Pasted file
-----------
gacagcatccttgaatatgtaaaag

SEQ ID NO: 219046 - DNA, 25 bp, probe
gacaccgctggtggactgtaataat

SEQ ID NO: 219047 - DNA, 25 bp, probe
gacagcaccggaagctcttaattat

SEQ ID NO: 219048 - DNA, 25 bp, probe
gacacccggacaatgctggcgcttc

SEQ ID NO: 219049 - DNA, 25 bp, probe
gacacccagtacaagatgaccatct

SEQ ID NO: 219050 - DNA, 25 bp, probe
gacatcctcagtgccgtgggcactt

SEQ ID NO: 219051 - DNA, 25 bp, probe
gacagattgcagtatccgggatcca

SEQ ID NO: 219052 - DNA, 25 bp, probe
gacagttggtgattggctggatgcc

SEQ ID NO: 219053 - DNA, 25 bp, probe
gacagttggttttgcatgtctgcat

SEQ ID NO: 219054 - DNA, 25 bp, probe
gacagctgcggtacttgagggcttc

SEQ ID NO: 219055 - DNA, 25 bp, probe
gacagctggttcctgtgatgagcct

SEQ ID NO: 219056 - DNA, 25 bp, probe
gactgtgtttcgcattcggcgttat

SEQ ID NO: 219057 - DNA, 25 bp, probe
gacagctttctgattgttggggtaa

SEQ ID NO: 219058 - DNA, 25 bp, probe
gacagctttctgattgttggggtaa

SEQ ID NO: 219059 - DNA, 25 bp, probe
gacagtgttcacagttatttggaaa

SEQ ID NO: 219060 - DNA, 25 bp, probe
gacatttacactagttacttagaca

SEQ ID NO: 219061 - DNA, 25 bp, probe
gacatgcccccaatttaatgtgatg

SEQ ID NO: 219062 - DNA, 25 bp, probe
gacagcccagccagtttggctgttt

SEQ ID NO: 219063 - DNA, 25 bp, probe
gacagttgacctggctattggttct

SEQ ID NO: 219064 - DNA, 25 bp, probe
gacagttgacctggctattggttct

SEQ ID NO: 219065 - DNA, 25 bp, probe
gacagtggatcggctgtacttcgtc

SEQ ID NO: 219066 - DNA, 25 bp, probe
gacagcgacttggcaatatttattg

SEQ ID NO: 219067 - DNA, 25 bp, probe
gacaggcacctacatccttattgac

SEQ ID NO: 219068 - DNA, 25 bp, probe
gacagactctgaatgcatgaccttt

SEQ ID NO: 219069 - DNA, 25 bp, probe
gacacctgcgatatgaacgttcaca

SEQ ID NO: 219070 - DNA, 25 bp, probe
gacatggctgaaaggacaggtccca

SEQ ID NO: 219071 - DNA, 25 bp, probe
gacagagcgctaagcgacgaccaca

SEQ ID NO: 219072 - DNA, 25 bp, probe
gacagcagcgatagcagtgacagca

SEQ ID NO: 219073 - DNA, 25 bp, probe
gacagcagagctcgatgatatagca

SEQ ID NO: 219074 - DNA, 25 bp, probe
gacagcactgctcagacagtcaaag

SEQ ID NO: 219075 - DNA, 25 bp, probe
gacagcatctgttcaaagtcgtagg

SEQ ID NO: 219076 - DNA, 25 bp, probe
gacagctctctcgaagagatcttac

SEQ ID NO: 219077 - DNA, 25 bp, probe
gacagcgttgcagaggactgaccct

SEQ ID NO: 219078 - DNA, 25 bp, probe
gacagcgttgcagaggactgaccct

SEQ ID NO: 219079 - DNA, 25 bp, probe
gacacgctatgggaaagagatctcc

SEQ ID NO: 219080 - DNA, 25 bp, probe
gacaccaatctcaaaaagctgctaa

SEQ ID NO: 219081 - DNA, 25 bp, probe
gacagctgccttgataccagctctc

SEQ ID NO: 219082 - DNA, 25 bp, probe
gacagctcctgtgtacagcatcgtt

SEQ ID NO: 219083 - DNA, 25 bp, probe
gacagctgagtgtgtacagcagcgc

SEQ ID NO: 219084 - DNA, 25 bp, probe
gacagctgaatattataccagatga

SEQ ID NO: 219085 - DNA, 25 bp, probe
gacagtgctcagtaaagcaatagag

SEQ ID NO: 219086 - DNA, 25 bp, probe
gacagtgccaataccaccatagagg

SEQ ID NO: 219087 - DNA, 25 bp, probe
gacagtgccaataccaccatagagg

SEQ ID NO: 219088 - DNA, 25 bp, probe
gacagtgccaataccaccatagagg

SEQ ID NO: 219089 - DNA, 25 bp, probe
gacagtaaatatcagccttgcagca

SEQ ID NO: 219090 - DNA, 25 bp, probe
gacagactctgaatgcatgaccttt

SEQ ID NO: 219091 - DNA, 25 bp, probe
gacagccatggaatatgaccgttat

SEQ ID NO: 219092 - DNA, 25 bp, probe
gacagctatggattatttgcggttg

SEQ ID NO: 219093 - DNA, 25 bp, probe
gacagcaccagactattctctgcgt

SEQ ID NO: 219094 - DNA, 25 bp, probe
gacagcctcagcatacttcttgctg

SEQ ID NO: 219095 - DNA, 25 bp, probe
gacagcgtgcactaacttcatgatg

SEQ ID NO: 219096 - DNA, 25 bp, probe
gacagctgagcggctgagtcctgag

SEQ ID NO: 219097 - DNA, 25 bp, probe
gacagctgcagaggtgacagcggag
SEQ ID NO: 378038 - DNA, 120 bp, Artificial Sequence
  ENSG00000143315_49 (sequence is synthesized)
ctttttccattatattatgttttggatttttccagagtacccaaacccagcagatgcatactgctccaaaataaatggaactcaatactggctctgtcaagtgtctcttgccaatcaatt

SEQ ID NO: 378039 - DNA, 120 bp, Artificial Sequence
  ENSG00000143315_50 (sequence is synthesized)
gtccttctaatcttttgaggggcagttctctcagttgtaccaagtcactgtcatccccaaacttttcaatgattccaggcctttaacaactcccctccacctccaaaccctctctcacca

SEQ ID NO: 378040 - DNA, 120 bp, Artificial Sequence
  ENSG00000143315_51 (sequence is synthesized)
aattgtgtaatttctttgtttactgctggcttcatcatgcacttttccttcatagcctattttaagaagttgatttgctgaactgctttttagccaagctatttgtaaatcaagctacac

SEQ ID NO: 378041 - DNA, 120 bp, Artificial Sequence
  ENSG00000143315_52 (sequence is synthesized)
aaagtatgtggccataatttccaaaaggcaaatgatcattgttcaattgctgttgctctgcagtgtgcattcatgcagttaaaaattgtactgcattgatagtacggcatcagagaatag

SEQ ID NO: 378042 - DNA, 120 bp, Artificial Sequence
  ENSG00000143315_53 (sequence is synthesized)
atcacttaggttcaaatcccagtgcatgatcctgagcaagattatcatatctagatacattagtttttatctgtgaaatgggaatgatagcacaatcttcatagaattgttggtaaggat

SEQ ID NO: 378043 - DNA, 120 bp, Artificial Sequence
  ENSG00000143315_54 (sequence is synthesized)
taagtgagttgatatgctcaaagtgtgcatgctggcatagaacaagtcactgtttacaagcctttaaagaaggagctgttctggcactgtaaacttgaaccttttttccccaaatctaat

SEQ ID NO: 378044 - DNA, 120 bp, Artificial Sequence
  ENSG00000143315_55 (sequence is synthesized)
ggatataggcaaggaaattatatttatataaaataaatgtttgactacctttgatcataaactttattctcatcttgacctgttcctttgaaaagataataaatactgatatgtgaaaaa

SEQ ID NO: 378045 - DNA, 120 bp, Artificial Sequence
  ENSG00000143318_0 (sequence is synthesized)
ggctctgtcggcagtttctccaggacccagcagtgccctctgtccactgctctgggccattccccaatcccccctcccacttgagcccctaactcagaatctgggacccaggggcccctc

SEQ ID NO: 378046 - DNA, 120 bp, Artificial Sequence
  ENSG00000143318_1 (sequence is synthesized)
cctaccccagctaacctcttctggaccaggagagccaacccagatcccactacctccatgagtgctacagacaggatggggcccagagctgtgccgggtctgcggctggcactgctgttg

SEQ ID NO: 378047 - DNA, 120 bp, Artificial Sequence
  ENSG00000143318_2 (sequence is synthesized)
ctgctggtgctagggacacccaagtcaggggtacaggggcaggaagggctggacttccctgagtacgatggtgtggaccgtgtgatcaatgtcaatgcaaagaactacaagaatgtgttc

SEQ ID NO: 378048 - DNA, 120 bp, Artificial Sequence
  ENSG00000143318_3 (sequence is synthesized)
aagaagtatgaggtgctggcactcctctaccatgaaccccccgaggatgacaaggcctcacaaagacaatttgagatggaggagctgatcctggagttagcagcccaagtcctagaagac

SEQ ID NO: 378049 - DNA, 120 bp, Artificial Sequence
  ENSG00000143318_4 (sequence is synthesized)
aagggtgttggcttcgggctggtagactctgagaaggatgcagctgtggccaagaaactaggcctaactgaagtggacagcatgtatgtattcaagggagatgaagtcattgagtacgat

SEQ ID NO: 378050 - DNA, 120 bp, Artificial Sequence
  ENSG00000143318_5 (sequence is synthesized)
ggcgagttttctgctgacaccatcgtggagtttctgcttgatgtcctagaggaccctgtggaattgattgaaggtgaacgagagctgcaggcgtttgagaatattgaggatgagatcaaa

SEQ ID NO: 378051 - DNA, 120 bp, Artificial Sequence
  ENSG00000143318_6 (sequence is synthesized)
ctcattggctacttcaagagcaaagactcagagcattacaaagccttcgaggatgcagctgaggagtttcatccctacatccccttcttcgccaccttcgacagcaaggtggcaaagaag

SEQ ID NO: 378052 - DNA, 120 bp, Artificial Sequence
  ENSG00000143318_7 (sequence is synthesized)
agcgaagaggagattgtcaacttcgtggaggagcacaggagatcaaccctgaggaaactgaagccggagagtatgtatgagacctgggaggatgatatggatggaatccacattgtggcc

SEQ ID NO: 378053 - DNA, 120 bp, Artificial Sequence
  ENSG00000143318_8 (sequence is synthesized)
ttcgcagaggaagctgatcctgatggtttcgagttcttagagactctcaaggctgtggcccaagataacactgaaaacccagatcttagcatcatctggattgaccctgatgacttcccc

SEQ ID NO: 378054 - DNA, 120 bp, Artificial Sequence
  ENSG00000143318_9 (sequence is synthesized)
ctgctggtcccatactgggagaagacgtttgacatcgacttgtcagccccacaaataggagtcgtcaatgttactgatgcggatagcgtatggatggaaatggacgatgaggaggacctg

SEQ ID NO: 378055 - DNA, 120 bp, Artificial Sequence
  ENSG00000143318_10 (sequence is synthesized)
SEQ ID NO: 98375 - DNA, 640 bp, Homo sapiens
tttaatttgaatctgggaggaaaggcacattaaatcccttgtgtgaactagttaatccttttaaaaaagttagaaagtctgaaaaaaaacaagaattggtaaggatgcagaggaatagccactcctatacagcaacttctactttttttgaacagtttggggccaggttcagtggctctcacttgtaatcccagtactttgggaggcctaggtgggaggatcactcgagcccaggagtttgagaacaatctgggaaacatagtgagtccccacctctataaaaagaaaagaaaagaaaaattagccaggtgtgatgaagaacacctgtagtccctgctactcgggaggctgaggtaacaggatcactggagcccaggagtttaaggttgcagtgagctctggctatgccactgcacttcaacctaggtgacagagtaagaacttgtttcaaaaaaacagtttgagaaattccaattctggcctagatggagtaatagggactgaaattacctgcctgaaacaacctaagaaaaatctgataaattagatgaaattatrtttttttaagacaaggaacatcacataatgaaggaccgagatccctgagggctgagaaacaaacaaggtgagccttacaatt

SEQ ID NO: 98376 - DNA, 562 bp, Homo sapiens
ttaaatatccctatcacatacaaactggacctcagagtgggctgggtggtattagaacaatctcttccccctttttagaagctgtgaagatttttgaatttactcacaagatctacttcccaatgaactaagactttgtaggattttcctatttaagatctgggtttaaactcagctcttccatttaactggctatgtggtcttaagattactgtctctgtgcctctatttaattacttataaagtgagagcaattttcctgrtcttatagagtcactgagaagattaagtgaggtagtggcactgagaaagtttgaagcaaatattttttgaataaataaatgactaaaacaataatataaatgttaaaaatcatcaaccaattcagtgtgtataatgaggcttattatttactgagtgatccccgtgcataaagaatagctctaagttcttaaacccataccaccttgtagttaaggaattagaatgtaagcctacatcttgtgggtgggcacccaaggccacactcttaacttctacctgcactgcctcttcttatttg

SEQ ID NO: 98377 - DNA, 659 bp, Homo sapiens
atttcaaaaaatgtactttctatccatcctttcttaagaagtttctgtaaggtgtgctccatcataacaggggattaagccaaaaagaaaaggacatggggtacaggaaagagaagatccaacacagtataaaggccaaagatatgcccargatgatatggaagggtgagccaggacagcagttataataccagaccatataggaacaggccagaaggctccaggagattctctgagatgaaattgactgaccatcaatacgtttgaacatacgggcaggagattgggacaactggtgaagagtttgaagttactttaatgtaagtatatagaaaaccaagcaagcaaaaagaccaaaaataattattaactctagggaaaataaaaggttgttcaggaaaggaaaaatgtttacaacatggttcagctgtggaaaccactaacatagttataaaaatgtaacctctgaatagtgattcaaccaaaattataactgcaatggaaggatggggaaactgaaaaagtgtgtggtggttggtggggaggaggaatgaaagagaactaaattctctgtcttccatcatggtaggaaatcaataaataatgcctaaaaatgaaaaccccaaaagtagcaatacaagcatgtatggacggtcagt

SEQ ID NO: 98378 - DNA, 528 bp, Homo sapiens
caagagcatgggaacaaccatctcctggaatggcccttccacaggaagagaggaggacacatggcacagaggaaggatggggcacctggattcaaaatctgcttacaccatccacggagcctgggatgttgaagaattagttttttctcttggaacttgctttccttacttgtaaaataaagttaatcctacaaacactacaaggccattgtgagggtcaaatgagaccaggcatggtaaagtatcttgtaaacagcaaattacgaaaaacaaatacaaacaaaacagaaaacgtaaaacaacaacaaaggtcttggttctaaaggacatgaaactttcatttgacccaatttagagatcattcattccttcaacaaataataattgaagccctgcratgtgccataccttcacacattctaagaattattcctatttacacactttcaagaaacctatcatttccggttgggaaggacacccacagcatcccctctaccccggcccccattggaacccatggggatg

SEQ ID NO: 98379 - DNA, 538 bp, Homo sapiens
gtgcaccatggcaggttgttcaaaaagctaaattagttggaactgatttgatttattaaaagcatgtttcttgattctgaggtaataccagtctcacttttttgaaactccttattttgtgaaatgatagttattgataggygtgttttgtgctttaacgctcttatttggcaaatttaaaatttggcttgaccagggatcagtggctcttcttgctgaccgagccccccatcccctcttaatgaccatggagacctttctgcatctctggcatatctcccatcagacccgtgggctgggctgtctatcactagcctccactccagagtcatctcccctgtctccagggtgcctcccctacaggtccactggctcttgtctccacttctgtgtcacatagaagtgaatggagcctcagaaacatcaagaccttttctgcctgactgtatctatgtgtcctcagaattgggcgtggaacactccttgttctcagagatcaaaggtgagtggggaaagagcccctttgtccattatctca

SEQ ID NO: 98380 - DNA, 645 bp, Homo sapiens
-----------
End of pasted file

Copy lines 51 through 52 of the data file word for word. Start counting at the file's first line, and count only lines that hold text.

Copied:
gacatggctgaaaggacaggtccca

SEQ ID NO: 219071 - DNA, 25 bp, probe